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The Economics Of Gold-Farming

Richard Aihoshi Posted:
Columns The Free Zone 0

ICTs for Development is a blog where the contributors are all associated with academia, specifically the University of Manchester's Centre for Development Informatics, which focuses on the role of information and communication technologies in socio-economic development.  In case you wonder what this has to do with MMOGs, it came to my attention back in 2008 with the release of a working paper on gold-farming.

Last week, the blog posted an entry that I found interesting.  Entitled "The Financial Life (and Death) of an East European Gold Farm" and written by the professor who heads up the Centre, it presents balance sheet data for a gold farm that sold currency in World of Warcraft.  The information is from early last year, not current.  We're told that since then, the selling price has declined to the point where it wasn't sufficiently profitable to continue operating.  I believe a large majority of this column's readers either regard this as a positive market trend or at least don't really care that it has happened.

As a long-time observer of the entire MMO space, not just the games themselves, I have what might be called a form of detached interest in gold-farming and out of game economies.  It's not personal; for the record, I've never bought or sold anything that was farmed - not in any game.  So, I don't support the practice.  But neither do I condemn it, either as a player or as a writer.

That said, the blog caught my attention for a variety of reasons.  One is that the farmer, referred to by the seeming pseudonym "Goran Podolski", is from somewhere in Eastern Europe.  In addition to his own efforts, he hired a couple of sub-contractors to play his characters, and was able to pay them slightly more than his country's minimum wage of about $7 per eight-hour day - not a fortune by any means, but presumably enough to constitute making a marginal living.

Because he speaks English, the working language of many western merchant sites, Goran was also able to make money by acting as a broker for a local gold-farming workshop.  He charged a commission of about 12 percent for his services.  This was feasible for a long time because the prevalent margin / mark-up structure was high enough to allow it.  It appears this is no longer so.

This runs against the stereotype of much larger-scale "factory" operations located on the other side of the world, mainly in China.  It also confirms that as of around a year ago, gold-farming was an economically viable business a lot closer to home.  Indeed, by last March, he had expanded his operation to include nine sub-contractors as well as a business manager.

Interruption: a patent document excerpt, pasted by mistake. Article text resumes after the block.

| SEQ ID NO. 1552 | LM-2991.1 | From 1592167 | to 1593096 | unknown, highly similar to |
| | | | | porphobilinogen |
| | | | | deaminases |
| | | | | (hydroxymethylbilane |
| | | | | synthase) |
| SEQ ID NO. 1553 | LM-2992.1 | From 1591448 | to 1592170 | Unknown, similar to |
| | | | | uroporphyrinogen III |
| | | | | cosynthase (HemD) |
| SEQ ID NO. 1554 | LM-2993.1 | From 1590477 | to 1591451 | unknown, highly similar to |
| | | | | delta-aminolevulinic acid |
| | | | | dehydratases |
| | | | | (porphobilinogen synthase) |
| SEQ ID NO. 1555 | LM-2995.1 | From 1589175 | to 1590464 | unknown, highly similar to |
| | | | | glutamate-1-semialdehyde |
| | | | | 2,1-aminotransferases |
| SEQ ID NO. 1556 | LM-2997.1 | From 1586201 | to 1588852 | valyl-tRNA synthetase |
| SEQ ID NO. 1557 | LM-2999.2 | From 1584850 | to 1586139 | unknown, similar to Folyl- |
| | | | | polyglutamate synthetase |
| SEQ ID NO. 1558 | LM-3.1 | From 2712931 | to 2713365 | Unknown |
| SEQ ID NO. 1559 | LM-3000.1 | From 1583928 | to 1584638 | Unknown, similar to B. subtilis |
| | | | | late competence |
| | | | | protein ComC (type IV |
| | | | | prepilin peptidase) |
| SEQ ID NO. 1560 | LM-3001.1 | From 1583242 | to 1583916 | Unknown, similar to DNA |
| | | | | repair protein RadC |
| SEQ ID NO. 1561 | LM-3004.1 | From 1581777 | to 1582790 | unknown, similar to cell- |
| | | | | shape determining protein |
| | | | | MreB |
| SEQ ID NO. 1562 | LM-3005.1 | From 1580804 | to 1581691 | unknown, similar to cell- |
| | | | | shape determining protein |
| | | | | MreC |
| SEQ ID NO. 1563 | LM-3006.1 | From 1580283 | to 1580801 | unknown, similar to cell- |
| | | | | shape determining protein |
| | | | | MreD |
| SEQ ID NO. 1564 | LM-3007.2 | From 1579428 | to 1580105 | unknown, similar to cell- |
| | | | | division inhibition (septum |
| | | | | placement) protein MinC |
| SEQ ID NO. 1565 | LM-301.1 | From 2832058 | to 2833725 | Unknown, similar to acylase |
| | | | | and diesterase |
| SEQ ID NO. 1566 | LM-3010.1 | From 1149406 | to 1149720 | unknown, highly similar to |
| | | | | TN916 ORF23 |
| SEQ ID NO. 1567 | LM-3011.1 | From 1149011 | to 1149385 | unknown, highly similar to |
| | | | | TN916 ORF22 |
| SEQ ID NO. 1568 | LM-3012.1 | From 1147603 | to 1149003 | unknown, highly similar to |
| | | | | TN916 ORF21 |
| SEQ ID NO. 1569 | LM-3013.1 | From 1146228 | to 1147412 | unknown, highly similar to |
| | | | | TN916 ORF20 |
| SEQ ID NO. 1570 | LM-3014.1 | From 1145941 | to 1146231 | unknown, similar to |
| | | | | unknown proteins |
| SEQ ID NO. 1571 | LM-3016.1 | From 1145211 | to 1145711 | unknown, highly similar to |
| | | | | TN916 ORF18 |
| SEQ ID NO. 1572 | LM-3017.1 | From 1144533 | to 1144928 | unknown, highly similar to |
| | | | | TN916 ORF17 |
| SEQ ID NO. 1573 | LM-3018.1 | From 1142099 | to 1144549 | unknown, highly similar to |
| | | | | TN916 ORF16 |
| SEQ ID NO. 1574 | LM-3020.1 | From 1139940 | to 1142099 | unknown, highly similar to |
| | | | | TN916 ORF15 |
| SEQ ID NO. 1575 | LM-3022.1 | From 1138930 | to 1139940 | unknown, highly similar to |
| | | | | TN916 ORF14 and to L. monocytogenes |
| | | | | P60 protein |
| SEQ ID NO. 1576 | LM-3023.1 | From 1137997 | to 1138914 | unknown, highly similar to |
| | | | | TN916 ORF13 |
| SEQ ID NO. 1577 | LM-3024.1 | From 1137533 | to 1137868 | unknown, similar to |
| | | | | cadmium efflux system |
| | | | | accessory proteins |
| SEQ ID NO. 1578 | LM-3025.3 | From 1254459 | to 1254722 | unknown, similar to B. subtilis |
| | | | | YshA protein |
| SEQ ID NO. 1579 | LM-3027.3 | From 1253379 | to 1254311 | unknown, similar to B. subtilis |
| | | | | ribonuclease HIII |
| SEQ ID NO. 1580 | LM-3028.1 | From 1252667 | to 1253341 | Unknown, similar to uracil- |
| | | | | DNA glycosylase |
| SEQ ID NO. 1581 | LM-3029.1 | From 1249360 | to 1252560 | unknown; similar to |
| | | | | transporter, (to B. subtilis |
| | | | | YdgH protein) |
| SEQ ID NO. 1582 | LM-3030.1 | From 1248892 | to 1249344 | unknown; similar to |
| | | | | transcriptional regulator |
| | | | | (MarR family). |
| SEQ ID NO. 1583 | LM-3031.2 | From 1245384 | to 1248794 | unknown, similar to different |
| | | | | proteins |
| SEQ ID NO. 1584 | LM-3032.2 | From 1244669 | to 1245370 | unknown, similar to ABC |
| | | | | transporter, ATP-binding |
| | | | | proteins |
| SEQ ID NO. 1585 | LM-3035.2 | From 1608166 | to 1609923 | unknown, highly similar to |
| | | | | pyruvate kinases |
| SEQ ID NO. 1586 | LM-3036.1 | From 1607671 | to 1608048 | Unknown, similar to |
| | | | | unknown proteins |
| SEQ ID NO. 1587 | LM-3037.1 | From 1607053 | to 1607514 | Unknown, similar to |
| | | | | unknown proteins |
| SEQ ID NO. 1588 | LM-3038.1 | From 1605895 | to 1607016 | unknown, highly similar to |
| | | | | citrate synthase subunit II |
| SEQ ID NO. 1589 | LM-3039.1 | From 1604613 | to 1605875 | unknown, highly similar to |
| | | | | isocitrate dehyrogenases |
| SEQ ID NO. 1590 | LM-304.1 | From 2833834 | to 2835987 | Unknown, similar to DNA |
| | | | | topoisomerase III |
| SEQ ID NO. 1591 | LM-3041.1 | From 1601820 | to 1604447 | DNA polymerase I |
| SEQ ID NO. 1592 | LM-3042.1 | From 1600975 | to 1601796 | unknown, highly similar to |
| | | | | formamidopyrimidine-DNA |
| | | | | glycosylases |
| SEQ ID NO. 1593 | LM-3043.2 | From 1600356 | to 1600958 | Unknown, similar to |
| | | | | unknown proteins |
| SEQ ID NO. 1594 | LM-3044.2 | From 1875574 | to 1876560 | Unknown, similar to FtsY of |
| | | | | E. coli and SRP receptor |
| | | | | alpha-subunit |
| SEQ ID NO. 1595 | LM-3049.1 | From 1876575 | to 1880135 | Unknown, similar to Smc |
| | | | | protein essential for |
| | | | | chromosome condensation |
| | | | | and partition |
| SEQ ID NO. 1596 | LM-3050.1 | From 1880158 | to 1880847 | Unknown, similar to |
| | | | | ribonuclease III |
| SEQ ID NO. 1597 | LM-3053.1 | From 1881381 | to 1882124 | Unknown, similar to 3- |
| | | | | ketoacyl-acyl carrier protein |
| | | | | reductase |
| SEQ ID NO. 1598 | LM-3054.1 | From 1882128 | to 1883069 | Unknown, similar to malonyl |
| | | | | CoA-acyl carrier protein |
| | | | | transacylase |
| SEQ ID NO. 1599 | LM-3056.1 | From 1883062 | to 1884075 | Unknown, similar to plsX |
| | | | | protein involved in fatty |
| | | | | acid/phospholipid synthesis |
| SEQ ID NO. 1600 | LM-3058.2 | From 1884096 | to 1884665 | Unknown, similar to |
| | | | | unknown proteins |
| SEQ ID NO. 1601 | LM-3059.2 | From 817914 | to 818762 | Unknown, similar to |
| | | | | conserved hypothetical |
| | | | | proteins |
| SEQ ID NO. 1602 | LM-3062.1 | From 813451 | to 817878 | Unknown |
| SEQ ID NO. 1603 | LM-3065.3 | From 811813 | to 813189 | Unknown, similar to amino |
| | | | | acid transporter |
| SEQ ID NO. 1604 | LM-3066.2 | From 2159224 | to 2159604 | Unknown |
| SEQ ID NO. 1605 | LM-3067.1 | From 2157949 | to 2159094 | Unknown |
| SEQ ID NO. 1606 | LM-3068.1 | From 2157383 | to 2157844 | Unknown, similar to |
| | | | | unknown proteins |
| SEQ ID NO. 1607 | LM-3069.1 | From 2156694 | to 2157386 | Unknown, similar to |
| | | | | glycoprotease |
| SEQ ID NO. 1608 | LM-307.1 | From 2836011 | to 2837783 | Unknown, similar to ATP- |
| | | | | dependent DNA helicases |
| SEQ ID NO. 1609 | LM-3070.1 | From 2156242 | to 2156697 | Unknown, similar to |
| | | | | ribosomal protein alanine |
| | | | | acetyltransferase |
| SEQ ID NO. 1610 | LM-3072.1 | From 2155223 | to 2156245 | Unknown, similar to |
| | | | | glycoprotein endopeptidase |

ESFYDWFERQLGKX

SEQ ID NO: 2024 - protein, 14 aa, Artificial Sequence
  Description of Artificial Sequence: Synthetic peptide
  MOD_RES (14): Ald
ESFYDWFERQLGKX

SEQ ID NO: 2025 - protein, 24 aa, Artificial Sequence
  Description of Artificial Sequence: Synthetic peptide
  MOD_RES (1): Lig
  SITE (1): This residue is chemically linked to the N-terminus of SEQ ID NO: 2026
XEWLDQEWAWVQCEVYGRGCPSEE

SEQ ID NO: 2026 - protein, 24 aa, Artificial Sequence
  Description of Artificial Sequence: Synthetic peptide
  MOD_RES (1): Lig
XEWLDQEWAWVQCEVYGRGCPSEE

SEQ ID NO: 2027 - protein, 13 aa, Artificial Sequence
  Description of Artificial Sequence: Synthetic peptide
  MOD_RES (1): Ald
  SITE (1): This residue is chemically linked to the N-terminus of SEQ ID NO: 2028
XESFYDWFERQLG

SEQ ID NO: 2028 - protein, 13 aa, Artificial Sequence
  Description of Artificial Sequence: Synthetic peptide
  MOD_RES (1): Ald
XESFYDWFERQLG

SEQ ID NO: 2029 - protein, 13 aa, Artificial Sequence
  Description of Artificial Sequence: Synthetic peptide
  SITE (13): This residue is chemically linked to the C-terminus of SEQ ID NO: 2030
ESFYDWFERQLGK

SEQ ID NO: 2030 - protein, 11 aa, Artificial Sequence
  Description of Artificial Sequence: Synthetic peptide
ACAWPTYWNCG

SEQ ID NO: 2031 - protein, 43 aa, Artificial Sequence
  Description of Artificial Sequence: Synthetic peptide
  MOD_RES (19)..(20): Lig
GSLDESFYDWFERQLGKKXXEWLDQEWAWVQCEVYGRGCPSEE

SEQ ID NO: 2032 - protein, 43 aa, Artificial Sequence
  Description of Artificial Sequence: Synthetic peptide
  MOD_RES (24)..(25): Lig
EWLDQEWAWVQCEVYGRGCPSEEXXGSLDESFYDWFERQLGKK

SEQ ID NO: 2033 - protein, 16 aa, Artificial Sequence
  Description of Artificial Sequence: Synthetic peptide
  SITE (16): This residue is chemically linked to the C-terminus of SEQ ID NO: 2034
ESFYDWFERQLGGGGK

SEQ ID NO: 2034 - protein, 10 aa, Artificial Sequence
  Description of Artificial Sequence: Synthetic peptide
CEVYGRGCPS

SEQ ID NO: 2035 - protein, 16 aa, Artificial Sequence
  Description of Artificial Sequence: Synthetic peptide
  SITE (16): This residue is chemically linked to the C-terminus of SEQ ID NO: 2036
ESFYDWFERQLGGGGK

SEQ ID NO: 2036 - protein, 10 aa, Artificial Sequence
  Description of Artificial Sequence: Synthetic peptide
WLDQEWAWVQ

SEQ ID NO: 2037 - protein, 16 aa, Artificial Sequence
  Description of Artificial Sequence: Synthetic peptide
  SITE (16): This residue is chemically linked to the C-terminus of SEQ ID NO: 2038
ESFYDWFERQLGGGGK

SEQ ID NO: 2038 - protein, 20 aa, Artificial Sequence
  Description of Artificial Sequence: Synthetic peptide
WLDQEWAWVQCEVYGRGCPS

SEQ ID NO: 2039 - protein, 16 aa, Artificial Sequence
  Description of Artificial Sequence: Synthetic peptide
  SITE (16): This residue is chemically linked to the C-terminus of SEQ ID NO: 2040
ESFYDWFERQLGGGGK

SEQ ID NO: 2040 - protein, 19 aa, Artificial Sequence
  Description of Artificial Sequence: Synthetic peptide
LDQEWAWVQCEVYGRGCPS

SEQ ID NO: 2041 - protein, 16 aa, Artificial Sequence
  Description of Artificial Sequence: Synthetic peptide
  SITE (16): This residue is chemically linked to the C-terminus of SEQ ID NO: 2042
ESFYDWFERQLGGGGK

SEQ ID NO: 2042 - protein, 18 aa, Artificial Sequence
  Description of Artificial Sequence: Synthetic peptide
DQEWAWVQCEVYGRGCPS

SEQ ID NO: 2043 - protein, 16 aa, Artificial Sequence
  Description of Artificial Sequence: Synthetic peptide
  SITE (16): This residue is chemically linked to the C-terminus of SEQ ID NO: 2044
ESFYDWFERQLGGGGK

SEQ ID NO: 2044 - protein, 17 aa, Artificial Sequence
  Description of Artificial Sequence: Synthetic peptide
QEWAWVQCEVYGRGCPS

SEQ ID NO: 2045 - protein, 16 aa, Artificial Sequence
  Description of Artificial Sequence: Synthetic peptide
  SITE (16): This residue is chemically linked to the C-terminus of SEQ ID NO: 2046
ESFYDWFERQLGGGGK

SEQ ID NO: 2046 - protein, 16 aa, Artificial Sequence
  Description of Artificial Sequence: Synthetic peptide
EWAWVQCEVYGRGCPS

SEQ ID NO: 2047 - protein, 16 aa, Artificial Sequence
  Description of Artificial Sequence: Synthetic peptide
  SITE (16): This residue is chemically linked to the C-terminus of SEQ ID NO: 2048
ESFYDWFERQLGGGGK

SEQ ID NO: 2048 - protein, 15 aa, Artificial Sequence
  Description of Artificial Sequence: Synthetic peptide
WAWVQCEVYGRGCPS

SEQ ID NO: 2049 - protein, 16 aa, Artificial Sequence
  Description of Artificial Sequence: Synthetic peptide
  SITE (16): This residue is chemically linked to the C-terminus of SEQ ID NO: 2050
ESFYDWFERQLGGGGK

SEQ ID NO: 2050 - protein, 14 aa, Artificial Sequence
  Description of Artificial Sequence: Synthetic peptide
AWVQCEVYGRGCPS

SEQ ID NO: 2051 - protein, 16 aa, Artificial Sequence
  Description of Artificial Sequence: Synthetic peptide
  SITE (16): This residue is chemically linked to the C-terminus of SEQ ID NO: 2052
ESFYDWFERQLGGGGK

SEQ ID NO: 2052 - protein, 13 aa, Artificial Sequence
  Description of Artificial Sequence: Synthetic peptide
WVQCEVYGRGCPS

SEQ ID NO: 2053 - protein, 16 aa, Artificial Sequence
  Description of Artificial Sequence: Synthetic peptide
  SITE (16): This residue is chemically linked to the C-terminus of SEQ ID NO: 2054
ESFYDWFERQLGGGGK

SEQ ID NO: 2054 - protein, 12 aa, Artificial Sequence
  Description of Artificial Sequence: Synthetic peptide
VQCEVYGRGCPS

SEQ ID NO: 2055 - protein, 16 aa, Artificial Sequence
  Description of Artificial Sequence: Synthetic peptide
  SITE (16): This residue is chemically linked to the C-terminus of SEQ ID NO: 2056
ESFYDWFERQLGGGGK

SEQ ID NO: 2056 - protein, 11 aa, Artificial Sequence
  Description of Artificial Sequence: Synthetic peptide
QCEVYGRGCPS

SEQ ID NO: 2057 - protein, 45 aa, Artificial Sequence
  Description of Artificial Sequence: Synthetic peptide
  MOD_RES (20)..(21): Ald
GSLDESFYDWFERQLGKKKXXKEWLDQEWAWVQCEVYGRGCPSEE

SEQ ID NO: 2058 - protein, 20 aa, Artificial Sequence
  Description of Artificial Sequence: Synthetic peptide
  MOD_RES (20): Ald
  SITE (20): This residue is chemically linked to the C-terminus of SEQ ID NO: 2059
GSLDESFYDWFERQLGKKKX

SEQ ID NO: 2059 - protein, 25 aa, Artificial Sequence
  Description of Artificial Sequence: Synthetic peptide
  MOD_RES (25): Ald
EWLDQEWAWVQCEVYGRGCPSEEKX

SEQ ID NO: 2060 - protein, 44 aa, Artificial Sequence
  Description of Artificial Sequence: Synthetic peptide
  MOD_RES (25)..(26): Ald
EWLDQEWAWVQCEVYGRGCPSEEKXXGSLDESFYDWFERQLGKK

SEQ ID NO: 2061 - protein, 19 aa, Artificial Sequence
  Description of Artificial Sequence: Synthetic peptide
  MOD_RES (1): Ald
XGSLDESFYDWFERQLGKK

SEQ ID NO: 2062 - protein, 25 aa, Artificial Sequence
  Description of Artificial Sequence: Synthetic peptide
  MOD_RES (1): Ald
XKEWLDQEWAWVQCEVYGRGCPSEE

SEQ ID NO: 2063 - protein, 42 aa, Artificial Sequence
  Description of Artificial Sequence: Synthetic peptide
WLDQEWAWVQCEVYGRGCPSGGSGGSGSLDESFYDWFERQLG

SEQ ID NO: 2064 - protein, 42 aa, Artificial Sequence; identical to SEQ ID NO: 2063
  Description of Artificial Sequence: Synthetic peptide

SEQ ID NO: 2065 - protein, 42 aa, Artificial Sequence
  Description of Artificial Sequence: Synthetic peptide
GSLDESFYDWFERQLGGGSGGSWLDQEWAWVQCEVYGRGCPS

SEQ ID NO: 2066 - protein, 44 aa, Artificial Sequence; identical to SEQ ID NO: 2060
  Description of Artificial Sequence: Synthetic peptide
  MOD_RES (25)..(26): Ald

I also found it interesting that his preferred method for accumulating gold involved both gathering and crafting.  Again, this differs from the stereotypical approach of killing particular NPCs repeatedly, then simply selling their drops.  Goran found it more productive have his characters collect materials they would use to make high-level items, and to sell them via the auction house.

What I don't have any real feel for is why the market economics have changed quite significantly in the past couple of years - enough for this particular farmer to go from growing his operation to shutting it down.  The blog says that in March 2009, the cost to consumers was about $14.50 per 1,000, with Goran receiving around $7.10.  In January 2010, the corresponding figures were $7 and $3.37.  Notably, it seems this was still high enough to keep operating and even to continue growing for at least a couple more months.  As of last week, they had dropped even more sharply, to around $1.54 and $1 respectively.  What's interesting is not just the drop itself, but the change in the margin.  The merchants' selling price used to be around double what they paid.  Now, the mark-up is only about 54 percent. 

Layoffs at SOE

Also very much on my mind right now is the situation at SOE, which announced last week that it will lay off about 205 people - roughly one person in three - and that The Agency has been cancelled.   The company will close its studios in Seattle, Denver and Tucson, and will downsize by around half in Austin.  I'm especially curious to see what effect this will have on other projects, not just the new EverQuest and PlanetSide titles reportedly in development, but also the unannounced ones.

In particular, I've been wondering about a possible new free to play title.  Although I don't for a fact that one was actually in the pipeline, my gut feel told me it was likely.  I still think so, but in light of the recent news, I wonder what projects if any that were never announced have been cancelled or at least relegated to a back burner.


Richard Aihoshi

Richard Aihoshi / Richard Aihoshi has been writing about the MMOG industry since the mid-1990s, always with a global perspective. He has observed the emergence and growth of the free to play business model from its early days in both hemispheres.